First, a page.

Bannon debate invite draws outrage at University of Chicago
- Students and faculty at the University of Chicago are protesting one professor's invitation of Steve Bannon to campus to debate issues of immigration and globalization.
- Professor Luigi Zingales is standing behind his decision, saying "the current problems in America cannot be solved by demonizing [those] who think differently."
Steve Bannon’s invitation to debate at the University of Chicago sparked a wave of outrage on campus, with students and faculty blasting the school for hosting the former White House strategist.
Bannon is slated to participate in a debate on immigration and globalization in the coming weeks after accepting an invite extended by Booth School of Business professor Luigi Zingales, The Chicago Maroon reported.
Zingales justified his decision to invite Bannon in a Facebook post last week, arguing that problems in the U.S. “cannot be solved by demonizing [those] who think differently” and that hate “cannot be defeated by hate.”
“At the University of Chicago, we have some of the best economic minds of the planet,” Zingales wrote. “It is our civic duty to engage them in finding the causes of this backlash and in trying to address them.”
While Zingales noted that he does not personally agree with Bannon, he expressed the importance of open debate on campus.
“For this reason, I invited Mr. Bannon to a debate on these issues with our faculty,” he continued. “I firmly believe that the current problems in America cannot be solved by demonizing [those] who think differently, but by addressing the causes of their dissatisfaction.”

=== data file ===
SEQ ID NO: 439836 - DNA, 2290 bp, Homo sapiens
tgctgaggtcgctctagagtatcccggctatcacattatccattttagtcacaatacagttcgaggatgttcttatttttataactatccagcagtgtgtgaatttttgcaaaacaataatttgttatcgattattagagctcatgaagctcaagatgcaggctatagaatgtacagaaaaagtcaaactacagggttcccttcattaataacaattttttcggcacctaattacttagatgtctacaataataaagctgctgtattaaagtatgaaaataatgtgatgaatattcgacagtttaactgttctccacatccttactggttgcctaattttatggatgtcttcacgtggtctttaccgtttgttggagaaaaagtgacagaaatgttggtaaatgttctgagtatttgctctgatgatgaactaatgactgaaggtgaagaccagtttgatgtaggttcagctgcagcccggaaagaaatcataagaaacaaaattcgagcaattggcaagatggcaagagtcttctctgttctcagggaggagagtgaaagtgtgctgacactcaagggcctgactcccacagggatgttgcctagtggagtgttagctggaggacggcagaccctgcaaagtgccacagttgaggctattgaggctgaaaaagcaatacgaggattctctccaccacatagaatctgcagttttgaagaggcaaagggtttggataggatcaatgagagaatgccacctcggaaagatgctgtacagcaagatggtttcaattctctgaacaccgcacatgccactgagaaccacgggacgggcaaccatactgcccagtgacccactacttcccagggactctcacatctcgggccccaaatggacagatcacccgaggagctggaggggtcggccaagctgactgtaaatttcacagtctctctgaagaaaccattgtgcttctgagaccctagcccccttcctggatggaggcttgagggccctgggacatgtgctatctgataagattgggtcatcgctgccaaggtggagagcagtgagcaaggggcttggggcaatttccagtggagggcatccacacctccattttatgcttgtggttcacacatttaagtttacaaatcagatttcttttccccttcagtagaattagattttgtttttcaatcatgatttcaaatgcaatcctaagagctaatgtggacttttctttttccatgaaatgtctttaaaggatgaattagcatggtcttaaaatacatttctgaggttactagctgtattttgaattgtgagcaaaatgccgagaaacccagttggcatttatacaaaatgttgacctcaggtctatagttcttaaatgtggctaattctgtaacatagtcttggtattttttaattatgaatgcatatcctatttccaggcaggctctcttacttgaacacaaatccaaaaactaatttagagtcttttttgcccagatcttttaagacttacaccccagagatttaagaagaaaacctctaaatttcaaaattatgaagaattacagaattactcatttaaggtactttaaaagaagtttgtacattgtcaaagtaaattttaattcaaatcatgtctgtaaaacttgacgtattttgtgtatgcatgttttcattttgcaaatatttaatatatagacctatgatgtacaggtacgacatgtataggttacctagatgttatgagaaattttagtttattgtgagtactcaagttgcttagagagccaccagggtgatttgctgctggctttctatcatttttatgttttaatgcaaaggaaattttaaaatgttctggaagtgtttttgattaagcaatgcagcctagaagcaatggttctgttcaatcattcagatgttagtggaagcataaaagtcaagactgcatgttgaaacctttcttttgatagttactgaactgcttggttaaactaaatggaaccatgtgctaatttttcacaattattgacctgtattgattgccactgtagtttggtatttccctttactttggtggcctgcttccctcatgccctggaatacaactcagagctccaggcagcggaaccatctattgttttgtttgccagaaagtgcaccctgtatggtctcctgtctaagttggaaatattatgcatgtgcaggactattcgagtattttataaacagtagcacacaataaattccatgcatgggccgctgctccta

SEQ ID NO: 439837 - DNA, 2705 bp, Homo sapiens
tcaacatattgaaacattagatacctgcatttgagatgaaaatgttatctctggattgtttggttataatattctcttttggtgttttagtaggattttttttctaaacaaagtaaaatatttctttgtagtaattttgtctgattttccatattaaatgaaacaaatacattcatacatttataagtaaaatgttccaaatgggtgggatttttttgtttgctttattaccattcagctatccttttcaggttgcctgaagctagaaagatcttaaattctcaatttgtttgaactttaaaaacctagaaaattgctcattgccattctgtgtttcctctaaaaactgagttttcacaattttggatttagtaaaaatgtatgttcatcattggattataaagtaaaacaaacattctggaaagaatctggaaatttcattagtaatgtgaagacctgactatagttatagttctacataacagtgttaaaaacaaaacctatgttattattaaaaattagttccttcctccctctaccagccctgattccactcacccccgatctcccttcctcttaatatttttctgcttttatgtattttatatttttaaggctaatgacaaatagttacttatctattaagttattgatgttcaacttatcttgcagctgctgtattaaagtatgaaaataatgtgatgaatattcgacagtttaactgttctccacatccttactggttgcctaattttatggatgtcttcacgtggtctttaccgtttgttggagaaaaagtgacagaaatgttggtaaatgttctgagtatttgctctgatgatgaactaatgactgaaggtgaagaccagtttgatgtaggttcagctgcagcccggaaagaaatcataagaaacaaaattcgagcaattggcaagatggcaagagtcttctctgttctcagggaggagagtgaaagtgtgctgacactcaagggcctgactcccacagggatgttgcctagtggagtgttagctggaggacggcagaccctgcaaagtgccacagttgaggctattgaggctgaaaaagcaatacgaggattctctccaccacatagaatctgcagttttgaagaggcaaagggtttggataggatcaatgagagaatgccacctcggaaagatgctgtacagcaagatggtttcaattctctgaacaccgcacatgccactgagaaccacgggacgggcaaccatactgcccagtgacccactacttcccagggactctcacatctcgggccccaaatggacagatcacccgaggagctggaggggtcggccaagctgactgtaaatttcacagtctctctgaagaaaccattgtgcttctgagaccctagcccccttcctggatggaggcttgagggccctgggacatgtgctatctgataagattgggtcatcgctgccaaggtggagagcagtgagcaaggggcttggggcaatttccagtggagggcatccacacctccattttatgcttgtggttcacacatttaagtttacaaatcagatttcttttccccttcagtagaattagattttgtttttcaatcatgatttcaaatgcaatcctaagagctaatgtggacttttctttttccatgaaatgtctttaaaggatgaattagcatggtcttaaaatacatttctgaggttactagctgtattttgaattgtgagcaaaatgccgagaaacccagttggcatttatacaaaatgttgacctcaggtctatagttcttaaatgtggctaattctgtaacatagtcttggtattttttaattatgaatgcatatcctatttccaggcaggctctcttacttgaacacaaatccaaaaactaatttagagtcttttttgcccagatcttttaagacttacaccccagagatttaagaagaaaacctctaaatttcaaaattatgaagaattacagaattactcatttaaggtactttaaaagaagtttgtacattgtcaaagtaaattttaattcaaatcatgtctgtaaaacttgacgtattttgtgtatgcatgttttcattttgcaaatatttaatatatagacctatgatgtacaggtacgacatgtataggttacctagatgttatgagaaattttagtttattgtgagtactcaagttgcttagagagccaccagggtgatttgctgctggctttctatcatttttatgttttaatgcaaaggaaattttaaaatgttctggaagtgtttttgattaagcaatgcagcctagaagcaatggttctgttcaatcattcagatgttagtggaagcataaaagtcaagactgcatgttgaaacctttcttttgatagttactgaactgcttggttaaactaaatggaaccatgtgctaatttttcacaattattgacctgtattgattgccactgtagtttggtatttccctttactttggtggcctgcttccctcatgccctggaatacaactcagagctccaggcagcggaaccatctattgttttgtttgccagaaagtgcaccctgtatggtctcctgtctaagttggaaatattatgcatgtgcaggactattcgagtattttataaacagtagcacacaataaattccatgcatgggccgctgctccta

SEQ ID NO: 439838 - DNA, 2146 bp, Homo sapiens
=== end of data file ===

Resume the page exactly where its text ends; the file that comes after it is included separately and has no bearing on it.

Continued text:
According to the Bangor Daily News, the announcement of the planned event sparked protests among students, who gathered outside the Booth School of Business to express their outrage at the university.
Earlier in January, dozens of professors signed a letter addressed to the university president and provost, voicing their concern about hosting Bannon on campus.
“As a university we must do the difficult work of collectively judging how we enact our espoused principles and adjudicating between principles that point us in different directions,” the letter states. “We believe that Bannon should not be afforded the platform and opportunity to air his hate speech on this campus.”
The letter goes on to claim that Bannon’s “presence will have will have deleterious consequences” on the school’s “ability to build a diverse and inclusive intellectual community—a principle that is also central to the university’s mission.”
In response to the criticism, the university reiterated its commitment to free speech, stressing that the institution “is deeply committed to upholding the values of academic freedom, the free expression of ideas, and the ability of faculty and students to invite the speakers of their choice.”
“Any recognized student group, faculty group, University department or individual faculty member can invite a speaker to campus,” a university statement read. “We recognize that there will be debate and disagreement over this event; as part of our commitment to free expression, the University supports the ability of protesters and invited speakers to express a wide range of views.”
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